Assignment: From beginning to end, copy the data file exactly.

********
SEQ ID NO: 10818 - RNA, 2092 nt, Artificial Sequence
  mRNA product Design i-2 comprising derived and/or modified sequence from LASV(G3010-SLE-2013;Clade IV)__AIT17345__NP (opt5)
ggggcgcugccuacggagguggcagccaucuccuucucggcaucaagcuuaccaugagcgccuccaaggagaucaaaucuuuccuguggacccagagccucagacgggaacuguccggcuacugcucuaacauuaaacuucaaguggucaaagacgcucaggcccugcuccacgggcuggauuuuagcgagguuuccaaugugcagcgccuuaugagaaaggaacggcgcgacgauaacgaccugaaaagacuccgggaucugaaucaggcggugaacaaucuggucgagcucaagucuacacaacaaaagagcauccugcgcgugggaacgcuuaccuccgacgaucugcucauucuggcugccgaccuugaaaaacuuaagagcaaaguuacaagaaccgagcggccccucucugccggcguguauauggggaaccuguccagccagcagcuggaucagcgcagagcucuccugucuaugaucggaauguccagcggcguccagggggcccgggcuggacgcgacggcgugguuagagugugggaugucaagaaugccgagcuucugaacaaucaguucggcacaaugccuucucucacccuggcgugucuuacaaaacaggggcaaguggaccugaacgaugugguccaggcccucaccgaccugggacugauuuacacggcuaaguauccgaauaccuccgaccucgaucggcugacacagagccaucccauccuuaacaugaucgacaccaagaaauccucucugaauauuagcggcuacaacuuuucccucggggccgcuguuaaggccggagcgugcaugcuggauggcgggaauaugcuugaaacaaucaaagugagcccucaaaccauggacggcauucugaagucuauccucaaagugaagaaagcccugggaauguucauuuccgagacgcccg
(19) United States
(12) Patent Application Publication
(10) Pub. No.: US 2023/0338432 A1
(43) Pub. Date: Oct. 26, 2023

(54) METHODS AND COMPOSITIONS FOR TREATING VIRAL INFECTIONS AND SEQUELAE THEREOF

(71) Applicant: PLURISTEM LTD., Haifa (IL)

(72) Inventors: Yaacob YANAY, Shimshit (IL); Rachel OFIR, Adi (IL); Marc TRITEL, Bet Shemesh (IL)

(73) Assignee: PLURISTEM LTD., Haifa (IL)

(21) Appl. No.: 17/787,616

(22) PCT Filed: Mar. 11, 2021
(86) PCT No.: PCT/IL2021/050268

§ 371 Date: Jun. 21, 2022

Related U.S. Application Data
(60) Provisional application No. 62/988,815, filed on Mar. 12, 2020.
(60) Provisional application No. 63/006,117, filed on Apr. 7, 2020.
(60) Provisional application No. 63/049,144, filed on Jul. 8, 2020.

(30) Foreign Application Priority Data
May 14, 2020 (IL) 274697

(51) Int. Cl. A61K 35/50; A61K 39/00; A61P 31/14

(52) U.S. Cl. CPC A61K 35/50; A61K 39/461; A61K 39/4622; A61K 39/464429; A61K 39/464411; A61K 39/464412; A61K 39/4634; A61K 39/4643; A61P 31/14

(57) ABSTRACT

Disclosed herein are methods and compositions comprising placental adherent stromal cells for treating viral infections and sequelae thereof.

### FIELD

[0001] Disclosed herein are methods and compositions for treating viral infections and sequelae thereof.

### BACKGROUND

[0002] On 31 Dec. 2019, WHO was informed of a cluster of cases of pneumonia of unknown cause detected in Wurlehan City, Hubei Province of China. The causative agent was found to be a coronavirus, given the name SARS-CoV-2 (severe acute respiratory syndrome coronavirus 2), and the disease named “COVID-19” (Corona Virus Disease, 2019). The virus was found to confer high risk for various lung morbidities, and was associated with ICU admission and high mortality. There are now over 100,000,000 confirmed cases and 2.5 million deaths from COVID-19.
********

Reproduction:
SEQ ID NO: 10818 - RNA, 2092 nt, Artificial Sequence
  mRNA product Design i-2 comprising derived and/or modified sequence from LASV(G3010-SLE-2013;Clade IV)__AIT17345__NP (opt5)
ggggcgcugccuacggagguggcagccaucuccuucucggcaucaagcuuaccaugagcgccuccaaggagaucaaaucuuuccuguggacccagagccucagacgggaacuguccggcuacugcucuaacauuaaacuucaaguggucaaagacgcucaggcccugcuccacgggcuggauuuuagcgagguuuccaaugugcagcgccuuaugagaaaggaacggcgcgacgauaacgaccugaaaagacuccgggaucugaaucaggcggugaacaaucuggucgagcucaagucuacacaacaaaagagcauccugcgcgugggaacgcuuaccuccgacgaucugcucauucuggcugccgaccuugaaaaacuuaagagcaaaguuacaagaaccgagcggccccucucugccggcguguauauggggaaccuguccagccagcagcuggaucagcgcagagcucuccugucuaugaucggaauguccagcggcguccagggggcccgggcuggacgcgacggcgugguuagagugugggaugucaagaaugccgagcuucugaacaaucaguucggcacaaugccuucucucacccuggcgugucuuacaaaacaggggcaaguggaccugaacgaugugguccaggcccucaccgaccugggacugauuuacacggcuaaguauccgaauaccuccgaccucgaucggcugacacagagccaucccauccuuaacaugaucgacaccaagaaauccucucugaauauuagcggcuacaacuuuucccucggggccgcuguuaaggccggagcgugcaugcuggauggcgggaauaugcuugaaacaaucaaagugagcccucaaaccauggacggcauucugaagucuauccucaaagugaagaaagcccugggaauguucauuuccgagacgcccg
(19) United States
(12) Patent Application Publication
(10) Pub. No.: US 2023/0338432 A1
(43) Pub. Date: Oct. 26, 2023

(54) METHODS AND COMPOSITIONS FOR TREATING VIRAL INFECTIONS AND SEQUELAE THEREOF

(71) Applicant: PLURISTEM LTD., Haifa (IL)

(72) Inventors: Yaacob YANAY, Shimshit (IL); Rachel OFIR, Adi (IL); Marc TRITEL, Bet Shemesh (IL)

(73) Assignee: PLURISTEM LTD., Haifa (IL)

(21) Appl. No.: 17/787,616

(22) PCT Filed: Mar. 11, 2021
(86) PCT No.: PCT/IL2021/050268

§ 371 Date: Jun. 21, 2022

Related U.S. Application Data
(60) Provisional application No. 62/988,815, filed on Mar. 12, 2020.
(60) Provisional application No. 63/006,117, filed on Apr. 7, 2020.
(60) Provisional application No. 63/049,144, filed on Jul. 8, 2020.

(30) Foreign Application Priority Data
May 14, 2020 (IL) 274697

(51) Int. Cl. A61K 35/50; A61K 39/00; A61P 31/14

(52) U.S. Cl. CPC A61K 35/50; A61K 39/461; A61K 39/4622; A61K 39/464429; A61K 39/464411; A61K 39/464412; A61K 39/4634; A61K 39/4643; A61P 31/14

(57) ABSTRACT

Disclosed herein are methods and compositions comprising placental adherent stromal cells for treating viral infections and sequelae thereof.

### FIELD

[0001] Disclosed herein are methods and compositions for treating viral infections and sequelae thereof.

### BACKGROUND

[0002] On 31 Dec. 2019, WHO was informed of a cluster of cases of pneumonia of unknown cause detected in Wurlehan City, Hubei Province of China. The causative agent was found to be a coronavirus, given the name SARS-CoV-2 (severe acute respiratory syndrome coronavirus 2), and the disease named “COVID-19” (Corona Virus Disease, 2019). The virus was found to confer high risk for various lung morbidities, and was associated with ICU admission and high mortality. There are now over 100,000,000 confirmed cases and 2.5 million deaths from COVID-19.